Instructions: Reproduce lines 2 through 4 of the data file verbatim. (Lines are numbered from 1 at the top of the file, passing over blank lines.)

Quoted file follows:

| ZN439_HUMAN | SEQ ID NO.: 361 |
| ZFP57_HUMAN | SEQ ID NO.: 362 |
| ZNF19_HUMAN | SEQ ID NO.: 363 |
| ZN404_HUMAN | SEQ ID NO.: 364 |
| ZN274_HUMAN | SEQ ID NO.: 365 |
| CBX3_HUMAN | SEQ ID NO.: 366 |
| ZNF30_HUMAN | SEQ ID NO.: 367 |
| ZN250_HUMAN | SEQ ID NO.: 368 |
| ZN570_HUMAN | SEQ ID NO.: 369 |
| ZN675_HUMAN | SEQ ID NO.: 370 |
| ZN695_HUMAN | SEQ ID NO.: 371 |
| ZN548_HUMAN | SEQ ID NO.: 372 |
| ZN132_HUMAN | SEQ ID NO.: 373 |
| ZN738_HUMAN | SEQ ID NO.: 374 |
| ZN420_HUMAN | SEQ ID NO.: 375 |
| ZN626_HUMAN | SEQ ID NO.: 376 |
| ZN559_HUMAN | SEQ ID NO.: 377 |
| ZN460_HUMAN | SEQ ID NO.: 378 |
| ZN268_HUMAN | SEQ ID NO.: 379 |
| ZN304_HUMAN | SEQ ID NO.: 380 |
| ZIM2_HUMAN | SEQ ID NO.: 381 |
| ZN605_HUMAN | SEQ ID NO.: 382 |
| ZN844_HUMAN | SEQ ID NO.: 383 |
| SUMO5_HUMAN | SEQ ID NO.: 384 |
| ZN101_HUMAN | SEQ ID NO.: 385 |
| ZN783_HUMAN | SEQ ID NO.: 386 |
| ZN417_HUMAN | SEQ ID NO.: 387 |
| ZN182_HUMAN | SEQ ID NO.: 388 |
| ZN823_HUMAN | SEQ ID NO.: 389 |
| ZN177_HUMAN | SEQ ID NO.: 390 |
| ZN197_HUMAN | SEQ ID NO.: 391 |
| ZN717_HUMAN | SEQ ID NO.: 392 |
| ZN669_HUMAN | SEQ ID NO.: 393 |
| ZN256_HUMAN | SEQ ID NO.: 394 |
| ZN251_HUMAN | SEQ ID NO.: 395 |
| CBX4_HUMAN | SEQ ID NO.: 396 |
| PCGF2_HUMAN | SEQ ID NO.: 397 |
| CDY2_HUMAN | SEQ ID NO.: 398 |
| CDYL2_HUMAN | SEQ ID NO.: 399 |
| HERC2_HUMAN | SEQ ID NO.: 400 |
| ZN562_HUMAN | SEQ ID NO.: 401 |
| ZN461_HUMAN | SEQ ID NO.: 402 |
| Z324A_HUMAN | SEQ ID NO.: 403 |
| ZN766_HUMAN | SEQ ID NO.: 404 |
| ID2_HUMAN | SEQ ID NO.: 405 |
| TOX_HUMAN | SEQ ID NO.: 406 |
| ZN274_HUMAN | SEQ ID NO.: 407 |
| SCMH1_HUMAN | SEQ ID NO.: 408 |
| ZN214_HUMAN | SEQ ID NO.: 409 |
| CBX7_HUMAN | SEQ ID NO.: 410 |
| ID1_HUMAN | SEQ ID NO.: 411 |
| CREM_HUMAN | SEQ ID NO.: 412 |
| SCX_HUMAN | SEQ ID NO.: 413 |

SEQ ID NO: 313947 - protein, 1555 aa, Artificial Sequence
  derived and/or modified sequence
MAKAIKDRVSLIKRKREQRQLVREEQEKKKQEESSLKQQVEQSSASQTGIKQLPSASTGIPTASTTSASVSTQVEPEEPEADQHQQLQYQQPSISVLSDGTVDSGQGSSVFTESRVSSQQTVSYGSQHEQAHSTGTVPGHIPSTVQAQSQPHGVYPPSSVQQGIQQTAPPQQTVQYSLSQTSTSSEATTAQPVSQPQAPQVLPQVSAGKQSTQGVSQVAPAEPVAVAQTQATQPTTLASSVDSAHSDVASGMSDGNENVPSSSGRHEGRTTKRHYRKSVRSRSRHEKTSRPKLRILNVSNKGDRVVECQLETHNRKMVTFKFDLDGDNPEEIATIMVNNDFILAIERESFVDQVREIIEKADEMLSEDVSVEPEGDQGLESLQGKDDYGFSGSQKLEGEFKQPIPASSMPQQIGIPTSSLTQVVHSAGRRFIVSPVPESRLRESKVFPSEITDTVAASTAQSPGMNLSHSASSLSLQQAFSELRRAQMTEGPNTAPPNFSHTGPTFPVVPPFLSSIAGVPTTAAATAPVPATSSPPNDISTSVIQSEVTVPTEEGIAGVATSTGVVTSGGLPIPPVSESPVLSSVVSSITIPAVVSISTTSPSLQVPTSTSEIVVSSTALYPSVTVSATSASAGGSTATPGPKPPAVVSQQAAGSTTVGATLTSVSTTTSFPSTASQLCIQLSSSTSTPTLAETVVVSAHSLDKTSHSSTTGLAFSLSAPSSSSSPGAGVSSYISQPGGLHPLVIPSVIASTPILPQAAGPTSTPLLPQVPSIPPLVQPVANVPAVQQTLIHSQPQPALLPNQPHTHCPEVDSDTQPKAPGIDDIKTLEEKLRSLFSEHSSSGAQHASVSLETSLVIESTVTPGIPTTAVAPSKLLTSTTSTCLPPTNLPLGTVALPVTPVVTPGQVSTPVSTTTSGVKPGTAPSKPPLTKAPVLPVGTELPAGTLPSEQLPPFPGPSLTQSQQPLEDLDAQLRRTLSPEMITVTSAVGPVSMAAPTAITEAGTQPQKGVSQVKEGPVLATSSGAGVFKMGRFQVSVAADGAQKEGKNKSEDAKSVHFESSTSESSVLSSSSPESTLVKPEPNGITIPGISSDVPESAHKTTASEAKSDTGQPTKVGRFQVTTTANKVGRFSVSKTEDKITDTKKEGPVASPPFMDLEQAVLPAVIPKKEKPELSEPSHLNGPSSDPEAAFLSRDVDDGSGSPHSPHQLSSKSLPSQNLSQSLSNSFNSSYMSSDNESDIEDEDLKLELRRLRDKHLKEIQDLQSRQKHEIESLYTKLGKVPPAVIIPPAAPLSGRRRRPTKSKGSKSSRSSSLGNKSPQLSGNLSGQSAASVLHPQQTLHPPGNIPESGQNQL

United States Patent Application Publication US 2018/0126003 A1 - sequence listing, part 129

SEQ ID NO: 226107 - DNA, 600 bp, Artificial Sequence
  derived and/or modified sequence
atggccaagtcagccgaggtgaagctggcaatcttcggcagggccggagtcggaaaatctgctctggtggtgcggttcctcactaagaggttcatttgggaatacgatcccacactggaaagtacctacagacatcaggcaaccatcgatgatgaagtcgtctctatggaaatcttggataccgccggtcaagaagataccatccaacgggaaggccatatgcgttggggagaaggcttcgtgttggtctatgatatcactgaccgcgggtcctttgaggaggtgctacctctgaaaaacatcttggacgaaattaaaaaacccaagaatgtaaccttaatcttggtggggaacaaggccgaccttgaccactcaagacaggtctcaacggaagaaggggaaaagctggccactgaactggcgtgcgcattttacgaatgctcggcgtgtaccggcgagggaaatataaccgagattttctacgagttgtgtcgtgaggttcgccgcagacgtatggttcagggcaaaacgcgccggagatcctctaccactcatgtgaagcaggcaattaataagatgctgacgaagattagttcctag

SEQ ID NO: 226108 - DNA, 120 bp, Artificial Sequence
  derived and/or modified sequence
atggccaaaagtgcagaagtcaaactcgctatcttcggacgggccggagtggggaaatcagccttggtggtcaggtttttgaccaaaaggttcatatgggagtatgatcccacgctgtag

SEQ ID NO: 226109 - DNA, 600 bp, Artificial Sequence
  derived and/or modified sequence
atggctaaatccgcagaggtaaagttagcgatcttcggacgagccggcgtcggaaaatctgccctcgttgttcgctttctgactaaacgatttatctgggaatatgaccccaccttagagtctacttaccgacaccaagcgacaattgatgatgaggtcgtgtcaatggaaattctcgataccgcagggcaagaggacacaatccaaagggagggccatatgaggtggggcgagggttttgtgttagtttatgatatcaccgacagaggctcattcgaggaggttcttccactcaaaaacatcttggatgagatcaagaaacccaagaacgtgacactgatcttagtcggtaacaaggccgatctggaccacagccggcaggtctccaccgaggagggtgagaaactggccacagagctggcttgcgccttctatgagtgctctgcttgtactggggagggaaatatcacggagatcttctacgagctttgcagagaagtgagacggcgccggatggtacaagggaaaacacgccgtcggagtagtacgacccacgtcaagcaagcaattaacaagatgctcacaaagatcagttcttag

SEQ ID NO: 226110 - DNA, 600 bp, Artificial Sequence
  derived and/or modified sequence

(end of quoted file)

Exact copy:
| ZFP57_HUMAN | SEQ ID NO.: 362 |
| ZNF19_HUMAN | SEQ ID NO.: 363 |
| ZN404_HUMAN | SEQ ID NO.: 364 |